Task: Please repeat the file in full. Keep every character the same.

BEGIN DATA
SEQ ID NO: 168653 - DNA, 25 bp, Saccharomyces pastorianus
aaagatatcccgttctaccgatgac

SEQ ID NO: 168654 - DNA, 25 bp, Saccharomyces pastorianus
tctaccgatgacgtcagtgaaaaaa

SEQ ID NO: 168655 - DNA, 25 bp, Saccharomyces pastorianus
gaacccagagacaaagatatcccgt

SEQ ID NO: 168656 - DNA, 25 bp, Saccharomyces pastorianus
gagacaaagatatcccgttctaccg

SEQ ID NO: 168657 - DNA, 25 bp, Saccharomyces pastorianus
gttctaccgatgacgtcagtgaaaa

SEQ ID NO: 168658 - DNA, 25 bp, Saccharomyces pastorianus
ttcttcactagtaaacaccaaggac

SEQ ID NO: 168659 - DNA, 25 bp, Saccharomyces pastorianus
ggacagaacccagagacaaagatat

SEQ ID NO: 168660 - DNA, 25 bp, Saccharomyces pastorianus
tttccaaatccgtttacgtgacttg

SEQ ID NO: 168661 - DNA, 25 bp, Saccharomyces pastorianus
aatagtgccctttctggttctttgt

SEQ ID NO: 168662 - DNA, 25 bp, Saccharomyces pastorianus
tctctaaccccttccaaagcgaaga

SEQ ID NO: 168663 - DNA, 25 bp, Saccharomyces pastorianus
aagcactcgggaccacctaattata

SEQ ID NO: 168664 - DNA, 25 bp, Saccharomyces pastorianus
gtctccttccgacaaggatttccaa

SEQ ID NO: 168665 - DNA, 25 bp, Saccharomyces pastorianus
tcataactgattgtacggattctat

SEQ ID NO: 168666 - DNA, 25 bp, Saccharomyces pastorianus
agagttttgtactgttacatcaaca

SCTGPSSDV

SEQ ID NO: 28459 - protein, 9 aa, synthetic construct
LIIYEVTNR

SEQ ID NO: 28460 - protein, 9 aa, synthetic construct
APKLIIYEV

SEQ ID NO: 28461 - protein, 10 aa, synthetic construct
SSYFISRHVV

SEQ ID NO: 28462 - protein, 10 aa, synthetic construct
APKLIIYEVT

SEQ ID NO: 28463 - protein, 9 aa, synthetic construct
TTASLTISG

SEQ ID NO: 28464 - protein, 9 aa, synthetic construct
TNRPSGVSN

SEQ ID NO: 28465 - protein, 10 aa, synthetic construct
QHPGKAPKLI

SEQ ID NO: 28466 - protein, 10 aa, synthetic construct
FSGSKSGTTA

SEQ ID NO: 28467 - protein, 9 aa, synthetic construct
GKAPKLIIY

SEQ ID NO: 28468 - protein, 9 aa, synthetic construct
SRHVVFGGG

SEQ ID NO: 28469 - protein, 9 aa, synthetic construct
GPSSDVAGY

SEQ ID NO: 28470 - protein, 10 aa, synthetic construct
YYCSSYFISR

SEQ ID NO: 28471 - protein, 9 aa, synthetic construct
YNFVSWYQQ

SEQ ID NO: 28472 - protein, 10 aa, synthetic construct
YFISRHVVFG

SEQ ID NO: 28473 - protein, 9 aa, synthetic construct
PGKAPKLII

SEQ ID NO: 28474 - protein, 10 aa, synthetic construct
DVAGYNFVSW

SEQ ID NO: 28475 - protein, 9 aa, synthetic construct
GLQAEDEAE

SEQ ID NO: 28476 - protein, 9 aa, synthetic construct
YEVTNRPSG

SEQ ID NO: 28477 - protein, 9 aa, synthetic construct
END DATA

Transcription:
SEQ ID NO: 168653 - DNA, 25 bp, Saccharomyces pastorianus
aaagatatcccgttctaccgatgac

SEQ ID NO: 168654 - DNA, 25 bp, Saccharomyces pastorianus
tctaccgatgacgtcagtgaaaaaa

SEQ ID NO: 168655 - DNA, 25 bp, Saccharomyces pastorianus
gaacccagagacaaagatatcccgt

SEQ ID NO: 168656 - DNA, 25 bp, Saccharomyces pastorianus
gagacaaagatatcccgttctaccg

SEQ ID NO: 168657 - DNA, 25 bp, Saccharomyces pastorianus
gttctaccgatgacgtcagtgaaaa

SEQ ID NO: 168658 - DNA, 25 bp, Saccharomyces pastorianus
ttcttcactagtaaacaccaaggac

SEQ ID NO: 168659 - DNA, 25 bp, Saccharomyces pastorianus
ggacagaacccagagacaaagatat

SEQ ID NO: 168660 - DNA, 25 bp, Saccharomyces pastorianus
tttccaaatccgtttacgtgacttg

SEQ ID NO: 168661 - DNA, 25 bp, Saccharomyces pastorianus
aatagtgccctttctggttctttgt

SEQ ID NO: 168662 - DNA, 25 bp, Saccharomyces pastorianus
tctctaaccccttccaaagcgaaga

SEQ ID NO: 168663 - DNA, 25 bp, Saccharomyces pastorianus
aagcactcgggaccacctaattata

SEQ ID NO: 168664 - DNA, 25 bp, Saccharomyces pastorianus
gtctccttccgacaaggatttccaa

SEQ ID NO: 168665 - DNA, 25 bp, Saccharomyces pastorianus
tcataactgattgtacggattctat

SEQ ID NO: 168666 - DNA, 25 bp, Saccharomyces pastorianus
agagttttgtactgttacatcaaca

SCTGPSSDV

SEQ ID NO: 28459 - protein, 9 aa, synthetic construct
LIIYEVTNR

SEQ ID NO: 28460 - protein, 9 aa, synthetic construct
APKLIIYEV

SEQ ID NO: 28461 - protein, 10 aa, synthetic construct
SSYFISRHVV

SEQ ID NO: 28462 - protein, 10 aa, synthetic construct
APKLIIYEVT

SEQ ID NO: 28463 - protein, 9 aa, synthetic construct
TTASLTISG

SEQ ID NO: 28464 - protein, 9 aa, synthetic construct
TNRPSGVSN

SEQ ID NO: 28465 - protein, 10 aa, synthetic construct
QHPGKAPKLI

SEQ ID NO: 28466 - protein, 10 aa, synthetic construct
FSGSKSGTTA

SEQ ID NO: 28467 - protein, 9 aa, synthetic construct
GKAPKLIIY

SEQ ID NO: 28468 - protein, 9 aa, synthetic construct
SRHVVFGGG

SEQ ID NO: 28469 - protein, 9 aa, synthetic construct
GPSSDVAGY

SEQ ID NO: 28470 - protein, 10 aa, synthetic construct
YYCSSYFISR

SEQ ID NO: 28471 - protein, 9 aa, synthetic construct
YNFVSWYQQ

SEQ ID NO: 28472 - protein, 10 aa, synthetic construct
YFISRHVVFG

SEQ ID NO: 28473 - protein, 9 aa, synthetic construct
PGKAPKLII

SEQ ID NO: 28474 - protein, 10 aa, synthetic construct
DVAGYNFVSW

SEQ ID NO: 28475 - protein, 9 aa, synthetic construct
GLQAEDEAE

SEQ ID NO: 28476 - protein, 9 aa, synthetic construct
YEVTNRPSG

SEQ ID NO: 28477 - protein, 9 aa, synthetic construct